According to the International Basketball Federation, basketball is the world’s second-most popular sport, with an estimated 450 million followers in countries around the globe. In the US, the annual NCAA tournament in March often brings mention of legendary coach John Wooden. During his 27 years at UCLA, Wooden’s teams won an unprecedented 10 National Championship titles. Yet, today, John Wooden, who died in 2010, is remembered not just for what he accomplished but for the person he was.

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A Father To Follow

Our Daily Bread Cover September 2013

When I think of my father, I think of this saying: “He didn’t tell me how to live; he lived, and he let me watch him do it.” During my youth, I watched my dad walk with God. He participated in Sunday morning church services, taught an adult Bible-study class, helped with counting the offering, and served as a deacon. Outside of church, he faithfully defended the gospel and read his Bible. I saw him express his love for the Lord through outward actions.

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The Power Of Affirmation

Our Daily Bread Cover September 2013

During a recent study, 200,000 employees were interviewed to discover the missing ingredient in their productivity. The study concluded that appreciation and affirmation topped the list of what they wanted most from their superiors. This research implies that receiving affirmation is a basic human need.

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Not Interested In Religion

Our Daily Bread Cover September 2013

Aradio ad for a church caught my attention: “Because you’ve heard about Christianity, you might not be interested in religion. Well, it might surprise you—Jesus wasn’t interested in religion either. But He was big on relationship and teaching us to love one another.” It continued, “You may not like everything about our church, but we offer authentic relationship, and we’re learning to love God and each other. You’re welcome to visit.”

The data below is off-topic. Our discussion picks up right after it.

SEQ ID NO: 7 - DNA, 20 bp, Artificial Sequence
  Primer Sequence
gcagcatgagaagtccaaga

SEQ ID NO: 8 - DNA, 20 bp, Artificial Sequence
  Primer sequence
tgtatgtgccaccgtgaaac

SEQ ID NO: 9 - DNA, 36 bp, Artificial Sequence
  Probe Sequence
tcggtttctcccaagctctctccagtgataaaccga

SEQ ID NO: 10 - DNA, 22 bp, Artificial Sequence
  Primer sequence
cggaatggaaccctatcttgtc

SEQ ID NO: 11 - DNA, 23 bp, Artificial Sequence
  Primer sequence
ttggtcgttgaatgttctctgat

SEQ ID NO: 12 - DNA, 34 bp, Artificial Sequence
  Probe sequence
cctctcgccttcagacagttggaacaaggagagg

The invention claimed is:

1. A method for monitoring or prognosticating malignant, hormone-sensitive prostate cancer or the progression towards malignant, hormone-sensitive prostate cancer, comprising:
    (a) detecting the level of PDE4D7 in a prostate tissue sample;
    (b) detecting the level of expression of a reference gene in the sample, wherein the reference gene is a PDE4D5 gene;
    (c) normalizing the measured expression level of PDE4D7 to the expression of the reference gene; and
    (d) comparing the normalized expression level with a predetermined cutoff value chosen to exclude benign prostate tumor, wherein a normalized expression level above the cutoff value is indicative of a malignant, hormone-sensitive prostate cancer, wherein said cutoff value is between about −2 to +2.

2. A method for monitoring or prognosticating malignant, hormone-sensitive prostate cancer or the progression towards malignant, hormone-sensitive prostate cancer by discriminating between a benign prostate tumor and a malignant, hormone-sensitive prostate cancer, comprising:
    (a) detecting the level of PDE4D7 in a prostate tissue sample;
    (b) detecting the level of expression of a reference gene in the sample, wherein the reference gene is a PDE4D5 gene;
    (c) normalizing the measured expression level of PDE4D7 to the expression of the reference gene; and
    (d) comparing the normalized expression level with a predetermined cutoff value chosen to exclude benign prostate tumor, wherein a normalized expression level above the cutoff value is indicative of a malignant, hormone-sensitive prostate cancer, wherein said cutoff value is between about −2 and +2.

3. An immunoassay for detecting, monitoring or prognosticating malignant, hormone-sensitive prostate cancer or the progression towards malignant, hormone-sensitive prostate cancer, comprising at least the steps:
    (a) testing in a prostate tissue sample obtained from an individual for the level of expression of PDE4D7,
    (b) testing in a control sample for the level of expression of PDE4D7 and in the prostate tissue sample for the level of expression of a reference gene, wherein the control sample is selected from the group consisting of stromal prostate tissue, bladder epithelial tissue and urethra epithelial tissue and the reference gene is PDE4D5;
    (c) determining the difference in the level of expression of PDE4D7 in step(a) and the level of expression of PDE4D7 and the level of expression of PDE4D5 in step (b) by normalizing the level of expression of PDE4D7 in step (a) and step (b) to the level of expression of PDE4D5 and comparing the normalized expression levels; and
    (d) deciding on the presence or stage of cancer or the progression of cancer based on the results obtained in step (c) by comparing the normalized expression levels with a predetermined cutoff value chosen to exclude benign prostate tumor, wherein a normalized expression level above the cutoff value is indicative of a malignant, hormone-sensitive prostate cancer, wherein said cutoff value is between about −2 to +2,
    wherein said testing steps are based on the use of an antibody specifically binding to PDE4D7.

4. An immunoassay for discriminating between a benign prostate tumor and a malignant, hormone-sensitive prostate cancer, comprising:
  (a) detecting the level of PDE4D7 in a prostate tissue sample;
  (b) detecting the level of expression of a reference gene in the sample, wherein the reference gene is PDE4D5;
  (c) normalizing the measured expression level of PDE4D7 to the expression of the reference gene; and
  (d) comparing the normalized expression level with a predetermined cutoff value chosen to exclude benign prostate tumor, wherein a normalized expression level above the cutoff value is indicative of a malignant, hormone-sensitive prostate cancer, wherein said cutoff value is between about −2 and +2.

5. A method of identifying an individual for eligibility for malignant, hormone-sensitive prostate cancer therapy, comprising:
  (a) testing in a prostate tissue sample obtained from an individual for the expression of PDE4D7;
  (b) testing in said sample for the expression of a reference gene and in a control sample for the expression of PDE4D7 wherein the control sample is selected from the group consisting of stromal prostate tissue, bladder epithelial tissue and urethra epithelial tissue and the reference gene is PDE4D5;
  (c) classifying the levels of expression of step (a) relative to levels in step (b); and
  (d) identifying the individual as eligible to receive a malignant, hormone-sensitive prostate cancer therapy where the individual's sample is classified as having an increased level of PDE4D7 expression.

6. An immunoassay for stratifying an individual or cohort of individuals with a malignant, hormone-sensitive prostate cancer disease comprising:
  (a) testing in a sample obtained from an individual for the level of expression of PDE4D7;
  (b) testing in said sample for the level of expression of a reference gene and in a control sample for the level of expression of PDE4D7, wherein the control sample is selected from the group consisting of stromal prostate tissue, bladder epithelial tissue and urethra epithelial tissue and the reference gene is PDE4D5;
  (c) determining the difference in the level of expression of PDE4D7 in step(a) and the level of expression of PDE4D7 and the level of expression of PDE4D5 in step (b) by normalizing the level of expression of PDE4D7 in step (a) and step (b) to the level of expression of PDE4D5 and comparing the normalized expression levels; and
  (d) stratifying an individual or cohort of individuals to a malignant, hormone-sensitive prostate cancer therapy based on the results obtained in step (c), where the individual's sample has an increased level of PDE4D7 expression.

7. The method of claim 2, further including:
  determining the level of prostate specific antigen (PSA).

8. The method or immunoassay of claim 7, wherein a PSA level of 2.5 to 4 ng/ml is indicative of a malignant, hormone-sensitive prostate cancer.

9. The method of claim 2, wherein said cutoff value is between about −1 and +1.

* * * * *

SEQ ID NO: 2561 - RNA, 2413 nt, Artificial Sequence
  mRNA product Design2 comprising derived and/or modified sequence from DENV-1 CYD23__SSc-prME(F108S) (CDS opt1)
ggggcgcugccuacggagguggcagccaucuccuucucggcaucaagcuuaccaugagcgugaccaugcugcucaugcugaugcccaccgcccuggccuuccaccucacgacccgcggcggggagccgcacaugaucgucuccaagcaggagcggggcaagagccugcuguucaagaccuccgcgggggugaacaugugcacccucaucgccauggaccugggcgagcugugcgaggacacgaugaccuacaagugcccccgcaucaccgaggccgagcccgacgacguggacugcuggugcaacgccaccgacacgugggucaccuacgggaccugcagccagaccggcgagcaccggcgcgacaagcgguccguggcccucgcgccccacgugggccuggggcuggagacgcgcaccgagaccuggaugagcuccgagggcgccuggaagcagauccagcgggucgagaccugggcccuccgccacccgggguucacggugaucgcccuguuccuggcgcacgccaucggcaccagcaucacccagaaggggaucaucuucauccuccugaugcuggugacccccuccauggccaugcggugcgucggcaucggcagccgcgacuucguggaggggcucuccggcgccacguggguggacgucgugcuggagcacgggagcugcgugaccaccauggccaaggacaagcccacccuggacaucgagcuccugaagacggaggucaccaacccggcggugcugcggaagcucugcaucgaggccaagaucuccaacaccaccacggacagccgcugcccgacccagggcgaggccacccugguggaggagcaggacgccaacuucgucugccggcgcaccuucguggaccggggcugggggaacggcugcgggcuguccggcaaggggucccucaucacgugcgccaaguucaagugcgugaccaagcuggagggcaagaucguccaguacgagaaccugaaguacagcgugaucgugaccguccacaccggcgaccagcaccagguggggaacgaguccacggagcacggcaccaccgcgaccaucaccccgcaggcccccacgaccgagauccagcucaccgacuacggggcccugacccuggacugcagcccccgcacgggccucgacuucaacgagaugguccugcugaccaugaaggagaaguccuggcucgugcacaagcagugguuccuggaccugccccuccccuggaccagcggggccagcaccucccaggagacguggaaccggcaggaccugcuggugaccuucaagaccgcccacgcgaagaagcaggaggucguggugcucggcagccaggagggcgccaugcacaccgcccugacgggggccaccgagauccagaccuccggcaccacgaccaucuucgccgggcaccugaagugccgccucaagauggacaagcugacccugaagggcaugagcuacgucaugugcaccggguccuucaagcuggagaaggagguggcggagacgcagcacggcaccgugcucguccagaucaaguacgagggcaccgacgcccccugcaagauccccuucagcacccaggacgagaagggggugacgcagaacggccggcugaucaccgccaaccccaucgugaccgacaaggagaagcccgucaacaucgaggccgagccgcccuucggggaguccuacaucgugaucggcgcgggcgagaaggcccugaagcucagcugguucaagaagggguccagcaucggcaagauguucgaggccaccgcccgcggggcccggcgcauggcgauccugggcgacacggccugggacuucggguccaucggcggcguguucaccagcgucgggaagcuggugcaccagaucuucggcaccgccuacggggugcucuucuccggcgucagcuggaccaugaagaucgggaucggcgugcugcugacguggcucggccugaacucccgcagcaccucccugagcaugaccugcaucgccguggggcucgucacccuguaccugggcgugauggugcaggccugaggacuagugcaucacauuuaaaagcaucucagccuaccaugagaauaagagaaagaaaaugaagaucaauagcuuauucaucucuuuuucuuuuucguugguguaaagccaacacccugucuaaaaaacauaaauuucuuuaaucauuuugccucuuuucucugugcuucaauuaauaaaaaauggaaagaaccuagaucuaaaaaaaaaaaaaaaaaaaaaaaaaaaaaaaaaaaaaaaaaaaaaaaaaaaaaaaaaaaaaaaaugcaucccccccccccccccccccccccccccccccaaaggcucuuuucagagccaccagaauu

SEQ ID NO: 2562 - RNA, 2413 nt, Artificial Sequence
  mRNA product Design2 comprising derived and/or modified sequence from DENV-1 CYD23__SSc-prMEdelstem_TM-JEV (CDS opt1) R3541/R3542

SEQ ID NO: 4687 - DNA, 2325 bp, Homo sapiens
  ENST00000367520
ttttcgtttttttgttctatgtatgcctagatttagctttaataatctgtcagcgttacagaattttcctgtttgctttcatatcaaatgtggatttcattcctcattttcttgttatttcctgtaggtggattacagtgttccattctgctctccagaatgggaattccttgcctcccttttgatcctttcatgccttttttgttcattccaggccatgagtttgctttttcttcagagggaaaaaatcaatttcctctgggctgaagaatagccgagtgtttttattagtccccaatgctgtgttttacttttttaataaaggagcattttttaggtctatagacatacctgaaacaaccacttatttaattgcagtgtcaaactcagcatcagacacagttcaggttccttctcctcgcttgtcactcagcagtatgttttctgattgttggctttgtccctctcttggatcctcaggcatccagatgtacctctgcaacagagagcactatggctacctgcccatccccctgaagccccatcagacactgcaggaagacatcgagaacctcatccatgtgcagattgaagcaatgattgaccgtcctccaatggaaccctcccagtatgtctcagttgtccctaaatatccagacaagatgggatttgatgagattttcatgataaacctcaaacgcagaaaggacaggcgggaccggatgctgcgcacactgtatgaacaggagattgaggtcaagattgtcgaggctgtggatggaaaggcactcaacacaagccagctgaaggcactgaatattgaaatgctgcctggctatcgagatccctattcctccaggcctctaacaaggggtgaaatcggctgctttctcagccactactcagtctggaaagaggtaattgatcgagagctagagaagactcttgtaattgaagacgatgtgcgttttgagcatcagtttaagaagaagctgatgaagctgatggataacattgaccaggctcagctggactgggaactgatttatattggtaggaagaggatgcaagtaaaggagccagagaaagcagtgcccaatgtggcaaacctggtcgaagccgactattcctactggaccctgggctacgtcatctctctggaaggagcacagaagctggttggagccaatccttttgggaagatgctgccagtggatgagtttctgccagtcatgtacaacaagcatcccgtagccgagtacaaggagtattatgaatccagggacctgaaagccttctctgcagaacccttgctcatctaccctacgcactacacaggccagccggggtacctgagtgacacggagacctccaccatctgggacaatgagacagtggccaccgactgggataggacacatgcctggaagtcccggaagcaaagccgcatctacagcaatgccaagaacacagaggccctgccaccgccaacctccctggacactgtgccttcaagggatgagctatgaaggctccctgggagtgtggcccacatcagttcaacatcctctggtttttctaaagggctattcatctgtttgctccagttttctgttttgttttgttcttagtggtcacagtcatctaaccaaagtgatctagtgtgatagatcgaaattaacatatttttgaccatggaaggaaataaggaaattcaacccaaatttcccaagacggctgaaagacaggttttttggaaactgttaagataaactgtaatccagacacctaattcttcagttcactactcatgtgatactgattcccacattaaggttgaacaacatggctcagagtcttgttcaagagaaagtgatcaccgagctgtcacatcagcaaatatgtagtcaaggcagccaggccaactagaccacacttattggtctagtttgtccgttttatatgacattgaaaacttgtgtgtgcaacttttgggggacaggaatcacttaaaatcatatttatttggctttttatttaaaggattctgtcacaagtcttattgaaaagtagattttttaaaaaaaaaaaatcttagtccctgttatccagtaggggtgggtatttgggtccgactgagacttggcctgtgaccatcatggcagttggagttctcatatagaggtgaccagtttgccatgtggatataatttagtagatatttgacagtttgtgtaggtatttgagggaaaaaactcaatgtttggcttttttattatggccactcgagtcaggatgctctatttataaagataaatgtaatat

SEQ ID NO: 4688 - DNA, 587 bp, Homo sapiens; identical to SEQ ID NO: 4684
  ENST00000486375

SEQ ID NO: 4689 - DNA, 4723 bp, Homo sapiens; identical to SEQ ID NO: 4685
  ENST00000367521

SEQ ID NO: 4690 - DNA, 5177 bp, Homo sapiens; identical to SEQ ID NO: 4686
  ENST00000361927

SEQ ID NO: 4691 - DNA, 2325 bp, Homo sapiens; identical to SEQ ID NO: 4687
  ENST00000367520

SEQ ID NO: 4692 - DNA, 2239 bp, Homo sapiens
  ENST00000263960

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Cupbearer To The King

Our Daily Bread Cover September 2013

One of my favorite Bible passages that applies to work is Nehemiah 1–2. King Artaxerxes’ employee Nehemiah had been such an exemplary worker that the king wanted to honor him by helping him when he was sad that Jerusalem was still in ruins. He asked Nehemiah, “Why is your face sad? . . . What do you request?” (2:2,4). He wasn’t just any worker for the king, he was the cupbearer, the man who tasted the king’s drink to protect him from being poisoned. In order to have earned such a position, he apparently worked hard and honored God in everything he did. And the king granted his requests.

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Overwhelming Concern

Our Daily Bread Cover August 2013

A while ago, I wrote an article about my wife, Marlene, and her struggles with vertigo. When the article appeared, I was unprepared for the tidal wave of response from readers offering encouragement, help, suggestions and, mostly, concern for her well-being. These messages came from all over the world, from people in all walks of life. Expressions of loving concern for my wife poured in to the point where we could not even begin to answer them all. It was overwhelming in the best kind of way to see the body of Christ respond to Marlene’s struggle. We were, and remain, deeply grateful.

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Image Conscious

Our Daily Bread Cover August 2013

When going through old family photos, my cousins and I joke about which physical characteristics we’ve inherited. We notice primarily the negative ones: short legs, crooked teeth, unruly cowlicks. All of us can easily identify in our ancestors our own least favorite body part. In addition to physical attributes, we also inherited character traits—some good, some not so good. But we don’t always pay as much attention to those.